top of page

Torchbearers and Trailblazers: Recognizing Vols During Black History Month

By: Trevor Shelby, Junior Staff Writer, Junior Editor

The All Vol Call In Show wants to recognize the important figures in civil rights at the University of Tennessee, Knoxville, during Black History Month. While AVCIS tends to focus on sports, this piece celebrates those who forged paths in non-athletic pursuits during their time on Rocky Top.

It started in 1939 when six black students filed a lawsuit demanding admission to UTK. The school rejected their applications on the grounds of Jim Crow laws in the Tennessee State Constitution. The group made appeals but to no avail.

Gene Mitchell Gray, a graduate student studying chemistry, integrated the University of Tennessee in 1952. It cost him and his mother their jobs at the Knoxville Hotel, but his sacrifice earned him a place in the annals of Volunteer history. Lillian D. Jenkins was the first to earn a master’s degree in special education, two years later. R.B.J. Campbelle, Jr., broke the color barrier as a graduate of the UT College of Law in 1956. Three years later, UT had its first Black doctoral graduate in Harry Blanton.

Theotis Robinson, Jr., Willie Mae Gillespie, and Charles Edgar Blair became the first Black undergraduate students to attend UT on January 4, 1961. Robinson, Jr., led lunch counter protests in Knoxville and also deferred his enrollment at Knoxville College, an HBCU across town, to apply to UTK. He later lectured in political science and worked as Vice President for Diversity and Equity from 2000 to 2014. Brenda Lewis Peel was the first Black student ever to earn an undergraduate degree in 1964. A galleria in John C. Hodges Library was dedicated to and named after her in November of 2021.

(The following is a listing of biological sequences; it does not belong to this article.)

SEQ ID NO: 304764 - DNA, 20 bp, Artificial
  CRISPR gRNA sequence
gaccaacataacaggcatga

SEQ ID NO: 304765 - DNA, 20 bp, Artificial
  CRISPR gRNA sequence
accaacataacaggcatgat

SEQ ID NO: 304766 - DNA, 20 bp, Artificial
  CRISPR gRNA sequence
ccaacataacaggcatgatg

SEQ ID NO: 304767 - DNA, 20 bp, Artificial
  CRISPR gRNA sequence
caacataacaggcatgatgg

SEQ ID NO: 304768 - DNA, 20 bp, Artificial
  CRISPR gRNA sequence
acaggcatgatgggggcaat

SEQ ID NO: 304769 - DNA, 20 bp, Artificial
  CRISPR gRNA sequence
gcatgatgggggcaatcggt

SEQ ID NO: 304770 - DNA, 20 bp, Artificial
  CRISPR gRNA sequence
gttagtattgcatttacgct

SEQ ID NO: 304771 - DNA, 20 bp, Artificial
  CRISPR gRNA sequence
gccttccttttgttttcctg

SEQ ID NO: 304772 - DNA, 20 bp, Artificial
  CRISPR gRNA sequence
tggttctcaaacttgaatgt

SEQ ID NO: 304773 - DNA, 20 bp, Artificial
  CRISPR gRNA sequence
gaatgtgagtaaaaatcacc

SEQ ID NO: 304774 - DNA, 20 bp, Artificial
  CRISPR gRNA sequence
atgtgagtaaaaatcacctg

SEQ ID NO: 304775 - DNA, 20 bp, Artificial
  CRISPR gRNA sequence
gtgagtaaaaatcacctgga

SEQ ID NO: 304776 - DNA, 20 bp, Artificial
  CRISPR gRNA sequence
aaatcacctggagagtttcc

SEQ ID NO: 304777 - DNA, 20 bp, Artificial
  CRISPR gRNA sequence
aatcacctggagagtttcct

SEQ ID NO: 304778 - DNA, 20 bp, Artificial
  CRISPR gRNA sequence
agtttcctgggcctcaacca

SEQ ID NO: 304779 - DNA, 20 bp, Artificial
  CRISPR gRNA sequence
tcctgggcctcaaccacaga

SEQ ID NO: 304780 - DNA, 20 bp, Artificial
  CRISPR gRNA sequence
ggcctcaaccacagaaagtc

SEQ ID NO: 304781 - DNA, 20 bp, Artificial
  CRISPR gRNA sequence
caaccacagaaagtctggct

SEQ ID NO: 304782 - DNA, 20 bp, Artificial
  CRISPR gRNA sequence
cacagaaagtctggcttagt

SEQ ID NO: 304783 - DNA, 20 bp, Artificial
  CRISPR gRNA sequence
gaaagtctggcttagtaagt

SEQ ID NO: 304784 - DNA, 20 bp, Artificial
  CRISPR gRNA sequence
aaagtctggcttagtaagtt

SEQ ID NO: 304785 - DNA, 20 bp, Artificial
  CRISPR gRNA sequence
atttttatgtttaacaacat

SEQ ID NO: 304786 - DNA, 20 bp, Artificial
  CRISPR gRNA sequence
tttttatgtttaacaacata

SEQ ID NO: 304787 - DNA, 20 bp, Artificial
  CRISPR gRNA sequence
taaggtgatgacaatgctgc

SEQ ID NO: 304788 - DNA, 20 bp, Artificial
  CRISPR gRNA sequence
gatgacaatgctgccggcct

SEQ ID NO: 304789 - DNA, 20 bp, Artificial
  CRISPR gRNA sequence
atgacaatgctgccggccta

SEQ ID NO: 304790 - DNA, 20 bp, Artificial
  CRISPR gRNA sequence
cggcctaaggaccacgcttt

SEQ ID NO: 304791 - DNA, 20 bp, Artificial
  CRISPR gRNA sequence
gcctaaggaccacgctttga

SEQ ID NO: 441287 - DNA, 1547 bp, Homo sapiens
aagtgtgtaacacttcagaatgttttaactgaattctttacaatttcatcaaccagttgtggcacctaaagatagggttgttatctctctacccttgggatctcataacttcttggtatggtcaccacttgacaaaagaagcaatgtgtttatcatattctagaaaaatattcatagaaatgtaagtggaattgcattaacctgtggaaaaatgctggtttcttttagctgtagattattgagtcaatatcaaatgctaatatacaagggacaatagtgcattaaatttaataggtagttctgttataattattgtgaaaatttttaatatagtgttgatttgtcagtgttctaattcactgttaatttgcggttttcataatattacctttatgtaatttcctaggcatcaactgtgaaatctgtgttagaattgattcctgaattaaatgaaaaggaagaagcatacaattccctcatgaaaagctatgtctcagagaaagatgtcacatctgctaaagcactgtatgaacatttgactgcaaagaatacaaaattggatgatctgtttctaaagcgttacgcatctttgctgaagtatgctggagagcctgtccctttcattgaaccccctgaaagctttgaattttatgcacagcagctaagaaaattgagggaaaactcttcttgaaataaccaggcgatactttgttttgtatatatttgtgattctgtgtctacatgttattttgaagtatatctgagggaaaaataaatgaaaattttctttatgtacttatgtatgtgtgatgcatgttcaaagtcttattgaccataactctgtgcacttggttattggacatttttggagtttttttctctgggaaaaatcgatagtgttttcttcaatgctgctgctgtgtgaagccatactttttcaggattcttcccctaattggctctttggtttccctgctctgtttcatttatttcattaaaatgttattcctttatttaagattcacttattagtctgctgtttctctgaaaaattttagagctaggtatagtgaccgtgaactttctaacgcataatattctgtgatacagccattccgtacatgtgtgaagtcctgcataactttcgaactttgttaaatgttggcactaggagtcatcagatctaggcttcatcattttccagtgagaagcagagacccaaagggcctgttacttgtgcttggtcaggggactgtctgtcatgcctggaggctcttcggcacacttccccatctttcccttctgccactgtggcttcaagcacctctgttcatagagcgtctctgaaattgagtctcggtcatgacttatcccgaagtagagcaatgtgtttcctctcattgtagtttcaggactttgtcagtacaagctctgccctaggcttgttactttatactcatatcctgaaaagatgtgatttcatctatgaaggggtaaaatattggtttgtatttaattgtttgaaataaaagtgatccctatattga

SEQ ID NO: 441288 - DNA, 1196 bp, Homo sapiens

The story doesn’t end there, though. Sammye Wynn and Dr. Robert Kirk were the first Black faculty members hired at UTK in 1967. Jimmie Baxter was elected as the first Black SGA president in 1969. In that same year, Felicia Folder-Hoehne became the first Black librarian on campus. Hardy Liston was appointed associate vice chancellor for academic affairs in 1970. He was the first Black administrator in school history. In 1989, Marilyn Yarbrough became the first Black college dean on campus, presiding over the College of Law. Six years later, in 1995, Dr. Dhyana Ziegler was the first Black faculty member to be elected president of the Faculty Senate.

Although UT was reluctant to do so, it became a pioneer in desegregating institutions of higher learning in the Southeast. Other schools followed suit but in a less-than-desirable manner. For example, the University of Georgia integrated on January 9, 1961, amid the use of racial slurs and cross burnings on campus. Two days later, UGA students invited local KKK members to incite a riot, which saw up to 1,000 people hurling bricks and bottles at one of the student’s dormitories. In addition, James Meredith’s integration of Ole Miss in 1962 required the assistance of the National Guard, per John F. Kennedy’s request. Mobs attacked federal marshals and reporters alike, and two civilians were killed. There are no such recorded instances in the city of Knoxville or on campus at UTK. Despite the hotly-contested litigation and sociopolitical climate of the time, the University of Tennessee was a trailblazer in civil rights for those seeking to continue their education.

Photo above | CNN


bottom of page